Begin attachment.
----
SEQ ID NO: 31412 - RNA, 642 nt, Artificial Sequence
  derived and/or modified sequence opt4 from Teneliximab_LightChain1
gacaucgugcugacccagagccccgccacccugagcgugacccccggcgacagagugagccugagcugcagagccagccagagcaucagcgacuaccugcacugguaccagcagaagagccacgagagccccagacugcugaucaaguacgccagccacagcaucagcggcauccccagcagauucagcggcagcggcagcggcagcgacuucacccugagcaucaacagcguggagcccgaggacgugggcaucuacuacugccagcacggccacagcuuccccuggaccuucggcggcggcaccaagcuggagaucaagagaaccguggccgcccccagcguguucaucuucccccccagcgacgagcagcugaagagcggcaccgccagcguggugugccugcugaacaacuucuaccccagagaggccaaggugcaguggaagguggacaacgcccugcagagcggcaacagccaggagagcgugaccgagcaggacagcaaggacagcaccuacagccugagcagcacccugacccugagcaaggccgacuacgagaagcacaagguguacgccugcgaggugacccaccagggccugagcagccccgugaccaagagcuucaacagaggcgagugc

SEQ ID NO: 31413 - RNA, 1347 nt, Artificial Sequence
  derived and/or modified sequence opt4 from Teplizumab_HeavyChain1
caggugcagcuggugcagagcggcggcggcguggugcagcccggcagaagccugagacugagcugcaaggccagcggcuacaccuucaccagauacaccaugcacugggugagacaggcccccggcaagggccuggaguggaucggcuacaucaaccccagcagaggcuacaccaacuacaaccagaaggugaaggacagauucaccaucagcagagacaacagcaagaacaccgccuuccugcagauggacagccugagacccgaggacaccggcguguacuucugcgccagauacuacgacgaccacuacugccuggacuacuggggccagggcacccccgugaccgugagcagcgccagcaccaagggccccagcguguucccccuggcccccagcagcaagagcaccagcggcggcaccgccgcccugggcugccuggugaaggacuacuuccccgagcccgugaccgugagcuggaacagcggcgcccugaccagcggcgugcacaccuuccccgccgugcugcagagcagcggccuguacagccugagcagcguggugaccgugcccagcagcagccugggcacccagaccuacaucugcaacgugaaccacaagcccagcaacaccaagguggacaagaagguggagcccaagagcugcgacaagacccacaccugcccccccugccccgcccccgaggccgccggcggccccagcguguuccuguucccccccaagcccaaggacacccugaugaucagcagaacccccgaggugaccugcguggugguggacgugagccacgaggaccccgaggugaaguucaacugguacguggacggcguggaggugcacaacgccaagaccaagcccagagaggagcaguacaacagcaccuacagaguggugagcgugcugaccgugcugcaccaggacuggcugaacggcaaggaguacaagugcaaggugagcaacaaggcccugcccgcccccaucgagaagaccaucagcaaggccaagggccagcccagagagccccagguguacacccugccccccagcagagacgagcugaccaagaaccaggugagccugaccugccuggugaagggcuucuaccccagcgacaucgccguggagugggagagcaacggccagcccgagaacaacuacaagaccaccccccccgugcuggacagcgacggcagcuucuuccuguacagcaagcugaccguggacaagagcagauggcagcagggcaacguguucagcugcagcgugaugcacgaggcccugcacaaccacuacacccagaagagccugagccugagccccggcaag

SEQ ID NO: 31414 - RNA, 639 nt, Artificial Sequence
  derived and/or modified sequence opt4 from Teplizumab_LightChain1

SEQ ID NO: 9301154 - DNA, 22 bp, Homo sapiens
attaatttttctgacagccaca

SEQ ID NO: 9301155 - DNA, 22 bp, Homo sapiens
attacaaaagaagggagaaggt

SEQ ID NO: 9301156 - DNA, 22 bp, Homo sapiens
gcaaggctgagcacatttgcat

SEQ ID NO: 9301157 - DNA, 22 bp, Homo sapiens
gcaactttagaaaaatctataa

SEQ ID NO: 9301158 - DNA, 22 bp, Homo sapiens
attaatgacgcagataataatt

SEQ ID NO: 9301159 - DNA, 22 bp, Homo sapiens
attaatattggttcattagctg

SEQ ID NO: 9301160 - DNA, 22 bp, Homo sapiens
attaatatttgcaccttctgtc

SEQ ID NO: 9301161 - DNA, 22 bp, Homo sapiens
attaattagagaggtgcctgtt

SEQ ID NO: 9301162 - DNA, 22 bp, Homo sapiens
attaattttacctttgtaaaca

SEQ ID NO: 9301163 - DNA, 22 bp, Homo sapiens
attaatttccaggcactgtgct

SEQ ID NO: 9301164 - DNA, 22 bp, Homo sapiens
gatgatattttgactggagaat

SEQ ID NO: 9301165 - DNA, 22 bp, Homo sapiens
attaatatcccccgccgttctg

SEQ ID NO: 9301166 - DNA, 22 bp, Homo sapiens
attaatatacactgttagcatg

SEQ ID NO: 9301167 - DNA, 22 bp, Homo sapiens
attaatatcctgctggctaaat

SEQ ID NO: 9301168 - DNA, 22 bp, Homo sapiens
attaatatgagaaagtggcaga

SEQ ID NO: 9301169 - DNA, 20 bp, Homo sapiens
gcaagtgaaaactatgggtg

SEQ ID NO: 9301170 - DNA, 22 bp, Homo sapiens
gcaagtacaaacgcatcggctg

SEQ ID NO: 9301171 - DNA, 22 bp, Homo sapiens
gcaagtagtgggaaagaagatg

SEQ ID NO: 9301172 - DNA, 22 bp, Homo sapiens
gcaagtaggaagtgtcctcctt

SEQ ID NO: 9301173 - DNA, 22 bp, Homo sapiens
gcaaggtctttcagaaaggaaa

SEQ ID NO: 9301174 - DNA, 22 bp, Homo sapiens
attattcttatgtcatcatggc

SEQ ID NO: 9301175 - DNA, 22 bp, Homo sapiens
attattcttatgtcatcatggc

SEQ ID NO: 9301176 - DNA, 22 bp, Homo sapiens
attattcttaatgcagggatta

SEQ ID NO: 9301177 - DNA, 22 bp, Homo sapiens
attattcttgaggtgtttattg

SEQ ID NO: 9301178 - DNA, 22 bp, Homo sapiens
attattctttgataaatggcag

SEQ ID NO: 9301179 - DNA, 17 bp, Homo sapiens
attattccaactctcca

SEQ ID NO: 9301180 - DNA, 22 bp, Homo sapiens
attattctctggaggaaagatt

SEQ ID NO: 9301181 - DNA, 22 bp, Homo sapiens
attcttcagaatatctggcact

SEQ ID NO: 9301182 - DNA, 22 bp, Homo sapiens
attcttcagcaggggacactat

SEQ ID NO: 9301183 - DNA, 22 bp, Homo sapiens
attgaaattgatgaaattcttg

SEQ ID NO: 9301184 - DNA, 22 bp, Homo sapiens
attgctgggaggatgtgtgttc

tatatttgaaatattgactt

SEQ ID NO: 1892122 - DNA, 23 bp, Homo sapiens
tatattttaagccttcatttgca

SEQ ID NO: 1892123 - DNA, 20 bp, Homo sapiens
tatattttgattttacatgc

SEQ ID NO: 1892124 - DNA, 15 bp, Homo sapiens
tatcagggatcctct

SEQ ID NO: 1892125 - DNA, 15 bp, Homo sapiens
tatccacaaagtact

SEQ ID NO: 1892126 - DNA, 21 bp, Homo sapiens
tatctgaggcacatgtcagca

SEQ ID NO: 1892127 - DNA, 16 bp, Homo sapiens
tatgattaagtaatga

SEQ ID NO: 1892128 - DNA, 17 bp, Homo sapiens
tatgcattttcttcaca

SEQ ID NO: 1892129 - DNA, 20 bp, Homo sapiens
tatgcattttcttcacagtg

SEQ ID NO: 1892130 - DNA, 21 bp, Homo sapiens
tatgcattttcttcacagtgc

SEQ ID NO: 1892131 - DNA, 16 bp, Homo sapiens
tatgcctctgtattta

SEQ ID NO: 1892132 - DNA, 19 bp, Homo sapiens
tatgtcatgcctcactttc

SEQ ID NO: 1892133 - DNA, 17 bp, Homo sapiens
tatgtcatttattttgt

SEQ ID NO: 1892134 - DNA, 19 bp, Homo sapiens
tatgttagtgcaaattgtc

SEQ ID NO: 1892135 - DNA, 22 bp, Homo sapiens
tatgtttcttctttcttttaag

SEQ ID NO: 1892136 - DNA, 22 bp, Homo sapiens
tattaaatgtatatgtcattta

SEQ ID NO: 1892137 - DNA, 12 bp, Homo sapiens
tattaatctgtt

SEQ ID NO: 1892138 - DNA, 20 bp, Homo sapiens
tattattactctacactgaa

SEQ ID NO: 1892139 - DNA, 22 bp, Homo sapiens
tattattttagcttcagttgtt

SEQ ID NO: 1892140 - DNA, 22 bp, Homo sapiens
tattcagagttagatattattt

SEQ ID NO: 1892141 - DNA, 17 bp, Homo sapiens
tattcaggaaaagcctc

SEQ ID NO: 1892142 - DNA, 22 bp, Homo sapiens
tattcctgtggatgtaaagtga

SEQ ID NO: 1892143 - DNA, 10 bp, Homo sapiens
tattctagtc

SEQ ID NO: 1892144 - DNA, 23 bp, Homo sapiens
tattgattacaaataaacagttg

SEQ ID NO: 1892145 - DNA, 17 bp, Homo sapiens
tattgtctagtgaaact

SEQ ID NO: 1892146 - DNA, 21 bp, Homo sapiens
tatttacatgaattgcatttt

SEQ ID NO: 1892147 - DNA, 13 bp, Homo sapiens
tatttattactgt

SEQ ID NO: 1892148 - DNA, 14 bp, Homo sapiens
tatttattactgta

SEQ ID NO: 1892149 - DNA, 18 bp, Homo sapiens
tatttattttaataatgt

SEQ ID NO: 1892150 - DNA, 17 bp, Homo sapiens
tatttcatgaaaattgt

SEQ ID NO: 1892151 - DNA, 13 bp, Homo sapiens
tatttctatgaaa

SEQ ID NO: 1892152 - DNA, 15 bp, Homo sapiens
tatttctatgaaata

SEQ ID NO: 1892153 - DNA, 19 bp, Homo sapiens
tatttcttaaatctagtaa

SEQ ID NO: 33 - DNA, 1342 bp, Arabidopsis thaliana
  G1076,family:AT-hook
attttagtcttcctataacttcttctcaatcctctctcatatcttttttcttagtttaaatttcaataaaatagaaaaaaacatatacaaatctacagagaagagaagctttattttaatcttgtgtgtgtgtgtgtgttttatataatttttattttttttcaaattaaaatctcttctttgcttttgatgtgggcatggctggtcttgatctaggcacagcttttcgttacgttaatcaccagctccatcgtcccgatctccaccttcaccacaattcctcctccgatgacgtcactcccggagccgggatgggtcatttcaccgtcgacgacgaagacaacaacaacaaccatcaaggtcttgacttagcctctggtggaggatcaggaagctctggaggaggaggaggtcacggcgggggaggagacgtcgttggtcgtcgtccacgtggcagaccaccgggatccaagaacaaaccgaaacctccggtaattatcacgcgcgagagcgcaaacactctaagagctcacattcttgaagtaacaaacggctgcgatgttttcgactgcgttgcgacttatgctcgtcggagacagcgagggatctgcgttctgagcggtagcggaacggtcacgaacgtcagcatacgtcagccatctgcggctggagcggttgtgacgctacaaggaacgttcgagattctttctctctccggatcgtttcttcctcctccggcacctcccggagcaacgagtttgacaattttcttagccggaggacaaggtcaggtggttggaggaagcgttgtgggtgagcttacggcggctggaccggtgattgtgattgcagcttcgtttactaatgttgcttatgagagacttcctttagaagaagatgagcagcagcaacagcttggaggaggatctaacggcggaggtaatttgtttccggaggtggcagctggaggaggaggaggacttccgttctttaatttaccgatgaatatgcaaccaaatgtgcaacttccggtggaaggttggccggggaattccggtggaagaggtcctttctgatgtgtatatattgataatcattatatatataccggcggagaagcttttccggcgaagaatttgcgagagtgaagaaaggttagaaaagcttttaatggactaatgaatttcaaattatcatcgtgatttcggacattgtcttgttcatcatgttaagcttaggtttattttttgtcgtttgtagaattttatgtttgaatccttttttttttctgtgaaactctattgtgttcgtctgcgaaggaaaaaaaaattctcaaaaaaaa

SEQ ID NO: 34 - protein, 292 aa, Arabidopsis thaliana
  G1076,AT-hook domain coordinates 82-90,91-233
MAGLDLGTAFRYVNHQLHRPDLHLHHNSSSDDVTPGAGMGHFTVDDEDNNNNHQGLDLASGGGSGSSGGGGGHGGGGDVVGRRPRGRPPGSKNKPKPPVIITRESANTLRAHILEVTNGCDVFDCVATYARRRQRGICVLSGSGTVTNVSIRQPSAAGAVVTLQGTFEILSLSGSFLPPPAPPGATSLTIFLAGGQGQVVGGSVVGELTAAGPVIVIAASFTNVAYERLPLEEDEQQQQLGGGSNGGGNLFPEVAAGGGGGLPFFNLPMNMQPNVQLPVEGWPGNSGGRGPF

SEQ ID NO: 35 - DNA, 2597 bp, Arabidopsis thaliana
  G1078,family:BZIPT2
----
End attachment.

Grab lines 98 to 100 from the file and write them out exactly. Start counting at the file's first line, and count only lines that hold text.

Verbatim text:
SEQ ID NO: 1892135 - DNA, 22 bp, Homo sapiens
tatgtttcttctttcttttaag

SEQ ID NO: 1892136 - DNA, 22 bp, Homo sapiens